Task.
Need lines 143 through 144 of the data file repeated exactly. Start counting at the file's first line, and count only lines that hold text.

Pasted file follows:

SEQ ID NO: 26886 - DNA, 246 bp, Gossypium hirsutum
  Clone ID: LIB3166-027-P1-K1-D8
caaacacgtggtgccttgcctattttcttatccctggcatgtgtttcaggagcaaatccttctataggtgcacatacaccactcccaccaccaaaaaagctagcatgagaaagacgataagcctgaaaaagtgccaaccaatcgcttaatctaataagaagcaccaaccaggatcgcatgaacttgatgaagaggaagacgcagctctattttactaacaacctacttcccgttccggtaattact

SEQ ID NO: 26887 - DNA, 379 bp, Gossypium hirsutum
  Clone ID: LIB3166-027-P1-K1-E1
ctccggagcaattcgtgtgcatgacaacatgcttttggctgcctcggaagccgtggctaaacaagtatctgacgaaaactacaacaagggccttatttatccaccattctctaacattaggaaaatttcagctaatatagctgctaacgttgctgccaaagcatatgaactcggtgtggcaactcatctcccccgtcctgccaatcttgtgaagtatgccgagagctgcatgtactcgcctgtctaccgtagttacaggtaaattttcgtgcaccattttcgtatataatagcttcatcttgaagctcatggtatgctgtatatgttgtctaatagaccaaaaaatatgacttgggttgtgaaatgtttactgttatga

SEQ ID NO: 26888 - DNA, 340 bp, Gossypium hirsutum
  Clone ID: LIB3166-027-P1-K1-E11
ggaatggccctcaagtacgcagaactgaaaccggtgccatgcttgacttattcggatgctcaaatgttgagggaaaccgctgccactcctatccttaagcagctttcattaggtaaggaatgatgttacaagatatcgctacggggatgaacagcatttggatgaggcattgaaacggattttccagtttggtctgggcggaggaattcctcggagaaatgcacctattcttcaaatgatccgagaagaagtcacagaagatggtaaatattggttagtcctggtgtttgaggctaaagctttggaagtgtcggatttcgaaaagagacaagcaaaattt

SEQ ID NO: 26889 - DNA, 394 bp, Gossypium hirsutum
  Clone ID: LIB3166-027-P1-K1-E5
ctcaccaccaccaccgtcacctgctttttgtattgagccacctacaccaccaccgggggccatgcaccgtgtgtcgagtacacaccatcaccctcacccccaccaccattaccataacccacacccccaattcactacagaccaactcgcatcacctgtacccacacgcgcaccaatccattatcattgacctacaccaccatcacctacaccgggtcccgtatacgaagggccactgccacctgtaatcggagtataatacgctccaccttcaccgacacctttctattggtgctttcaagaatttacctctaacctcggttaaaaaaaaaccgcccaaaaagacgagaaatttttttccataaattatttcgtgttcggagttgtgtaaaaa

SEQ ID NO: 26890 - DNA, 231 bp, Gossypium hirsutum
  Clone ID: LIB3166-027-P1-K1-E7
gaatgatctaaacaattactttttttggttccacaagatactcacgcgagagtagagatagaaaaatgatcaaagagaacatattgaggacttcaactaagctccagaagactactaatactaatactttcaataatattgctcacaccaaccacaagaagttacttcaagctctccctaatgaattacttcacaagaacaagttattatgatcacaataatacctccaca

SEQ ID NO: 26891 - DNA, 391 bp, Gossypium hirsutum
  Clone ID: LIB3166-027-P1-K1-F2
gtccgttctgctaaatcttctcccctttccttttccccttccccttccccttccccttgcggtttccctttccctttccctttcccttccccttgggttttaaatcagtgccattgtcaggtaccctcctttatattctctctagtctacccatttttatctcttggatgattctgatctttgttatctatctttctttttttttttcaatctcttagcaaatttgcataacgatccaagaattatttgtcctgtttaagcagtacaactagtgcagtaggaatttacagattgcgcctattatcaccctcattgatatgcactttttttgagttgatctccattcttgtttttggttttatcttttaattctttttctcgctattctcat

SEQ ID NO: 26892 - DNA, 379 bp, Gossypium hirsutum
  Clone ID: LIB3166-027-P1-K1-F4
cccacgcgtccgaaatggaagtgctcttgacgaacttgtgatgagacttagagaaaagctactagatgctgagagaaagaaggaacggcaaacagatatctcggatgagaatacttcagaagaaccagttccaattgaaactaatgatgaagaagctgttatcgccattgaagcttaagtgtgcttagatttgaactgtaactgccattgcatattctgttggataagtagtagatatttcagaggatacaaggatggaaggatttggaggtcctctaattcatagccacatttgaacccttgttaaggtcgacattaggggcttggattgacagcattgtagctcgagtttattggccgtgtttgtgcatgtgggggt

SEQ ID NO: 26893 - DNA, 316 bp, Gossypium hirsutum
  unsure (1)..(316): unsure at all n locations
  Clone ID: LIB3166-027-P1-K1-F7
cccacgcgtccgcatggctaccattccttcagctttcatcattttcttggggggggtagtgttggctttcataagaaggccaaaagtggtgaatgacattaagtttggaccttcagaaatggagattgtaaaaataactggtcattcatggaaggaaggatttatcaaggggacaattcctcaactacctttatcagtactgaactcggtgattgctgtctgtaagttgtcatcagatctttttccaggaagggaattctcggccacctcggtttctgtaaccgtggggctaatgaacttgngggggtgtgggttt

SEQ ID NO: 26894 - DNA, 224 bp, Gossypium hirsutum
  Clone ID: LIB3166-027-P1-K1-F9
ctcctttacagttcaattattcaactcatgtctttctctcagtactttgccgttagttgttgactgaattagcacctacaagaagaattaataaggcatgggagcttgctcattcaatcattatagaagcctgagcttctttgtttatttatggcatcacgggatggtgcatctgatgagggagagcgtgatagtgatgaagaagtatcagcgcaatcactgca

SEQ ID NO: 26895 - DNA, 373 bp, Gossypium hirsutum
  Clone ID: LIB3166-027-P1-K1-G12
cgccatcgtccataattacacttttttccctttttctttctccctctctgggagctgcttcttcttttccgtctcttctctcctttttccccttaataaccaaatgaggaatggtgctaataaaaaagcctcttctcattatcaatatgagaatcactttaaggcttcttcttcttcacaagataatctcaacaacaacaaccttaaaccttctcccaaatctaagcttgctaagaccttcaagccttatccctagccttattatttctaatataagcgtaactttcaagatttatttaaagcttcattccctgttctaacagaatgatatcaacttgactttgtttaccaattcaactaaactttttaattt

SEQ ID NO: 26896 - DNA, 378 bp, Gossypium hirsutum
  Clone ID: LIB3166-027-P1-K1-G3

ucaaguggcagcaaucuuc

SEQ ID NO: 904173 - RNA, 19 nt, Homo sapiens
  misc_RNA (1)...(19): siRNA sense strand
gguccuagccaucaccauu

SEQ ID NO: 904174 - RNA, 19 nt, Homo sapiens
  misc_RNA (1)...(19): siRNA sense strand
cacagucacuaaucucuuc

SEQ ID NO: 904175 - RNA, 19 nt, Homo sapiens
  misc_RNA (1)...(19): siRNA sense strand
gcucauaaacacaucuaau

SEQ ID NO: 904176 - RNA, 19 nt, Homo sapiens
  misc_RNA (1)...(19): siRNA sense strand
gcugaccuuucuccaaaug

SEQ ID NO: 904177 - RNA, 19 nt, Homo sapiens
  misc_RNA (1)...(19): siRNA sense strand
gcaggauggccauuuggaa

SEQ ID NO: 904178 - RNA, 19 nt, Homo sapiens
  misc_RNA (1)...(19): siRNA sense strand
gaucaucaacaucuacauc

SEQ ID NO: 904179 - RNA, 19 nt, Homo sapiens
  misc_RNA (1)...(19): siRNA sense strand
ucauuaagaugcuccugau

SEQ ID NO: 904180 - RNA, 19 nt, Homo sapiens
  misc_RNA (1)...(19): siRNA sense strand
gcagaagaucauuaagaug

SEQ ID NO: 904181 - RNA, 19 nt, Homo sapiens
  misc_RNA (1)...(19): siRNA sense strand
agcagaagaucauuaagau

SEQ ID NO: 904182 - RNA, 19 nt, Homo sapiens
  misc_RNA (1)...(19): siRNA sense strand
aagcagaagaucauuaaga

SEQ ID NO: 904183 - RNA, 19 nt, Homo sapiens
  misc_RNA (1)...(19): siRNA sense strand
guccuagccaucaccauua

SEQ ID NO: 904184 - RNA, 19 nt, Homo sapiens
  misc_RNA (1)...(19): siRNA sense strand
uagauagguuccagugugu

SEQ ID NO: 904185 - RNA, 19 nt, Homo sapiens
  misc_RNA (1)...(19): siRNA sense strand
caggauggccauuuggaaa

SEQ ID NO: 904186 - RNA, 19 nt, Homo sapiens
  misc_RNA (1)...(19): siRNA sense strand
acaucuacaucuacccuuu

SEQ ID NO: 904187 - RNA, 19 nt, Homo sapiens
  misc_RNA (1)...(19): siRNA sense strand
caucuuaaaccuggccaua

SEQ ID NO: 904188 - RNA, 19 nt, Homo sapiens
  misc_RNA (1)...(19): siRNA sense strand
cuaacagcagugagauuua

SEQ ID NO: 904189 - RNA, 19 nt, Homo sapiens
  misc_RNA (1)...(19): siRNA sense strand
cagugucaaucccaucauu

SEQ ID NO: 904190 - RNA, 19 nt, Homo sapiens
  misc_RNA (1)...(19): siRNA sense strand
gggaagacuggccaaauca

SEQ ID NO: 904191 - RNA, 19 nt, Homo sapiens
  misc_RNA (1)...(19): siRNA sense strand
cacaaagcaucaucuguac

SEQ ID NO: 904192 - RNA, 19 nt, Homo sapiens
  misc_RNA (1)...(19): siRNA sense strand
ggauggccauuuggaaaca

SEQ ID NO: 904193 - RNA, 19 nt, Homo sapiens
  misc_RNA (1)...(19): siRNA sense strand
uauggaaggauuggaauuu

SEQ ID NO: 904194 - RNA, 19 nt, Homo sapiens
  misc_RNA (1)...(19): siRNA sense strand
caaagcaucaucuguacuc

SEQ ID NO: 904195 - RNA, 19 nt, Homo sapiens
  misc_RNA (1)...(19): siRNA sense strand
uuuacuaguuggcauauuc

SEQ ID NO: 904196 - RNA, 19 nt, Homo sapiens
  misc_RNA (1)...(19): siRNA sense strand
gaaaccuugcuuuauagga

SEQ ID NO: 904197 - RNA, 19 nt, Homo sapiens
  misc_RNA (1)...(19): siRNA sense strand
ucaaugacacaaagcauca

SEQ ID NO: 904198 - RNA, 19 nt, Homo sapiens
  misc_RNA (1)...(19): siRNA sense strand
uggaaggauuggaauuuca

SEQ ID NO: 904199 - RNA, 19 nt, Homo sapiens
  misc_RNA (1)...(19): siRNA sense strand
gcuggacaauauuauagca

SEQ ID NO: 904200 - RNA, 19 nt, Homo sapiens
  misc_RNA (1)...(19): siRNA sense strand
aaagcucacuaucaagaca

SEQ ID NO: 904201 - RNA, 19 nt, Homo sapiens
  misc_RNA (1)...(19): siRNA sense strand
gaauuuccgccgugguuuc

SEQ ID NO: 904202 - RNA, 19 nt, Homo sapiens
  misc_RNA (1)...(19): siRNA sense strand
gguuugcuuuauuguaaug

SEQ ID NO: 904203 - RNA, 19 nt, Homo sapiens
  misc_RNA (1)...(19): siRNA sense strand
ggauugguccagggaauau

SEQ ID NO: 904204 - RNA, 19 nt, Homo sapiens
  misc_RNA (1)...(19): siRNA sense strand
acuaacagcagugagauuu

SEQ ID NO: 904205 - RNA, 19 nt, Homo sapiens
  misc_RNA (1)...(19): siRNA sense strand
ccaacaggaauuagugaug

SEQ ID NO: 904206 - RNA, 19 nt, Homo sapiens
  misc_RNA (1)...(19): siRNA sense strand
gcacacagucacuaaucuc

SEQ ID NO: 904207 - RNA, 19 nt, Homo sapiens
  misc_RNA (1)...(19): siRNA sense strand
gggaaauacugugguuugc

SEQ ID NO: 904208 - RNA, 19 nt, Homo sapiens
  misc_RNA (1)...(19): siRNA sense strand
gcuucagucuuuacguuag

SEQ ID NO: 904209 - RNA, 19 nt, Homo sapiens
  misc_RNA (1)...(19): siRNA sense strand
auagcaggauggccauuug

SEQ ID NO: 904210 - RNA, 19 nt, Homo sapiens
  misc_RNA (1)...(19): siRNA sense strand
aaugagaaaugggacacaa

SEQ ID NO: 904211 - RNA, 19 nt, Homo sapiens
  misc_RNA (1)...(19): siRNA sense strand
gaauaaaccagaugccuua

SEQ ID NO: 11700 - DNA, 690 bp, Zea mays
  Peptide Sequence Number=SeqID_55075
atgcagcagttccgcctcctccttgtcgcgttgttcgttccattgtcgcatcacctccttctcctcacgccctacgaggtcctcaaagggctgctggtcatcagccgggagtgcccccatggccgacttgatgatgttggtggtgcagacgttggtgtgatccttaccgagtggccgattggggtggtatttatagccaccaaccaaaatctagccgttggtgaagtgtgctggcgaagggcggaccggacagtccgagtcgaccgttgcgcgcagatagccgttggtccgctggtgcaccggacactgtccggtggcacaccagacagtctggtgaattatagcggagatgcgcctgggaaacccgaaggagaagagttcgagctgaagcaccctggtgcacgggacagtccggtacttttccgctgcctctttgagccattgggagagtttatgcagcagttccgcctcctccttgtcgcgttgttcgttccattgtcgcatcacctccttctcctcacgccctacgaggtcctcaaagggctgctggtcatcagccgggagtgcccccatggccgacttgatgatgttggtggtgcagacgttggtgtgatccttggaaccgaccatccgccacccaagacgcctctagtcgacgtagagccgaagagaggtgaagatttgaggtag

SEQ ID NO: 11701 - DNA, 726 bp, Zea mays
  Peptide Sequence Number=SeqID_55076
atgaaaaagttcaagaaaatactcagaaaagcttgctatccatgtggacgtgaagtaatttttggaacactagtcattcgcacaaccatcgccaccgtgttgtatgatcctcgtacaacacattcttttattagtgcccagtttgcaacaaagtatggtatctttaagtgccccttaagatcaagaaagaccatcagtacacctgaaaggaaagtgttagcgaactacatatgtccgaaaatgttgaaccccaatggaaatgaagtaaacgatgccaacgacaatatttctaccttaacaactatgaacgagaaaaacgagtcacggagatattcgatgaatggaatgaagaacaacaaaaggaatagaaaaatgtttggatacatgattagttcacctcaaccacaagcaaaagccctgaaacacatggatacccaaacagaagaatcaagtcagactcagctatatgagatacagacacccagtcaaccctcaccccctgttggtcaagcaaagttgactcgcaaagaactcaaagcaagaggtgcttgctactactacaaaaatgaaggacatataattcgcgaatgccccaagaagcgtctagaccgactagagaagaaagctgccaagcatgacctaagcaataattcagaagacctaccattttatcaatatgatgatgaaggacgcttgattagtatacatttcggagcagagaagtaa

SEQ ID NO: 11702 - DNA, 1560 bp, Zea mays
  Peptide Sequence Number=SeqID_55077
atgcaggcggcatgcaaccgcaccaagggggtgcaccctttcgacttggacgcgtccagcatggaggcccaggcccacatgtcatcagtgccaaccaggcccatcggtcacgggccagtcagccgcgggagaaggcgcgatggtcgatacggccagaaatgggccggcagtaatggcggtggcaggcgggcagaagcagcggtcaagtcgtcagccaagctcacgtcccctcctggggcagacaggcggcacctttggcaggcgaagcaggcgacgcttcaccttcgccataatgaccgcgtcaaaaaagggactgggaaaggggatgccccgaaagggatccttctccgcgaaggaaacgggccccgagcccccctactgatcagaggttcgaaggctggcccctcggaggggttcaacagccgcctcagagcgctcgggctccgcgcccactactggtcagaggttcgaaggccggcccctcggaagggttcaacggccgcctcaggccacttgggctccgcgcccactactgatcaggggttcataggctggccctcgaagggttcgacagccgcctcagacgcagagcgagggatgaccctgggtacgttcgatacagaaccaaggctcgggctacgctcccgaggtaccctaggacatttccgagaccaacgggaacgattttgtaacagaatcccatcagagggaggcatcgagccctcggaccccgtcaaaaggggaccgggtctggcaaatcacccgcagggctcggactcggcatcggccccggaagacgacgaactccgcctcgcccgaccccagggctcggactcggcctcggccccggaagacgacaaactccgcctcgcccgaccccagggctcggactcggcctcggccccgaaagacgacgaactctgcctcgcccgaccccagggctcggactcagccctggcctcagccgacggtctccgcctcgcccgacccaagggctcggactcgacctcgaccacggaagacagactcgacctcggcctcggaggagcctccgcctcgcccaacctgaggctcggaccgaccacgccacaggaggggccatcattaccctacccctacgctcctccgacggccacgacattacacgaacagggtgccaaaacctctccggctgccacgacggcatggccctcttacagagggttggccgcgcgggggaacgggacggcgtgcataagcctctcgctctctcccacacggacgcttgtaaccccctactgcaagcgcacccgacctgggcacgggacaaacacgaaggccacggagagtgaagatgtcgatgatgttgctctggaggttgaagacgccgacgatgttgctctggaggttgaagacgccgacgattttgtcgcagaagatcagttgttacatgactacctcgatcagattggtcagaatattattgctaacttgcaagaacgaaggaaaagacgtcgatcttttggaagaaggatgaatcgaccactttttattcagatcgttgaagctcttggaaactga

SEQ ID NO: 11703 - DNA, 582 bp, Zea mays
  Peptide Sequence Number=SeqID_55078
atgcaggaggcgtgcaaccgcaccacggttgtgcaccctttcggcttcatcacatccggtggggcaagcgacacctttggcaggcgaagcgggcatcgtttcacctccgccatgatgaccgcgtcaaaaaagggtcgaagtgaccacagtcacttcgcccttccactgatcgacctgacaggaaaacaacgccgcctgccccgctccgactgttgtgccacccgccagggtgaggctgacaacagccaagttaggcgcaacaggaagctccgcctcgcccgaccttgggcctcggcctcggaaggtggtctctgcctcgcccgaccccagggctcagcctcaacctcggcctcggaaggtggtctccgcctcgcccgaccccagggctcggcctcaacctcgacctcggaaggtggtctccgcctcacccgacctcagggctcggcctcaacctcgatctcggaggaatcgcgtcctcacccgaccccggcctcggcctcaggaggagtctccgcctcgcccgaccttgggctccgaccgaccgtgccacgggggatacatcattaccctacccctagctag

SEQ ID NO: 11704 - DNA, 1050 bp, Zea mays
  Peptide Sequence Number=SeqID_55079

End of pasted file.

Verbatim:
SEQ ID NO: 904209 - RNA, 19 nt, Homo sapiens
  misc_RNA (1)...(19): siRNA sense strand